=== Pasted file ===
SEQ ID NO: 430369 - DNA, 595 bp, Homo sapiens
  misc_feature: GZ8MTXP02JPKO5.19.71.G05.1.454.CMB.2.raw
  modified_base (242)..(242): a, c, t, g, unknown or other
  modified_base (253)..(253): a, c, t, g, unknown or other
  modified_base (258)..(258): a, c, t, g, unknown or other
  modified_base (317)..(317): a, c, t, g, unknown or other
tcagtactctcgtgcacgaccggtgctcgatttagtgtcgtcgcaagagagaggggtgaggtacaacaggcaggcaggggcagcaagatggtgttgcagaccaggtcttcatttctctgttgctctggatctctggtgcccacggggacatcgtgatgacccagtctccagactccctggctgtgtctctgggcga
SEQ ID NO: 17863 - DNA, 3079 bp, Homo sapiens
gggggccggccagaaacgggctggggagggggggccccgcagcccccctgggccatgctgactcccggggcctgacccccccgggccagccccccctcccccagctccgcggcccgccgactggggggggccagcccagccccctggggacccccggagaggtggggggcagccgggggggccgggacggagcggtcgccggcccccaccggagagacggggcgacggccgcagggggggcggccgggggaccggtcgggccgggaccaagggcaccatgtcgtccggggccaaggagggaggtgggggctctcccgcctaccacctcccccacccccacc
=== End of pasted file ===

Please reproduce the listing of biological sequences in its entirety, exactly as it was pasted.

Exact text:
SEQ ID NO: 430369 - DNA, 595 bp, Homo sapiens
  misc_feature: GZ8MTXP02JPKO5.19.71.G05.1.454.CMB.2.raw
  modified_base (242)..(242): a, c, t, g, unknown or other
  modified_base (253)..(253): a, c, t, g, unknown or other
  modified_base (258)..(258): a, c, t, g, unknown or other
  modified_base (317)..(317): a, c, t, g, unknown or other
tcagtactctcgtgcacgaccggtgctcgatttagtgtcgtcgcaagagagaggggtgaggtacaacaggcaggcaggggcagcaagatggtgttgcagaccaggtcttcatttctctgttgctctggatctctggtgcccacggggacatcgtgatgacccagtctccagactccctggctgtgtctctgggcga
SEQ ID NO: 17863 - DNA, 3079 bp, Homo sapiens
gggggccggccagaaacgggctggggagggggggccccgcagcccccctgggccatgctgactcccggggcctgacccccccgggccagccccccctcccccagctccgcggcccgccgactggggggggccagcccagccccctggggacccccggagaggtggggggcagccgggggggccgggacggagcggtcgccggcccccaccggagagacggggcgacggccgcagggggggcggccgggggaccggtcgggccgggaccaagggcaccatgtcgtccggggccaaggagggaggtgggggctctcccgcctaccacctcccccacccccacc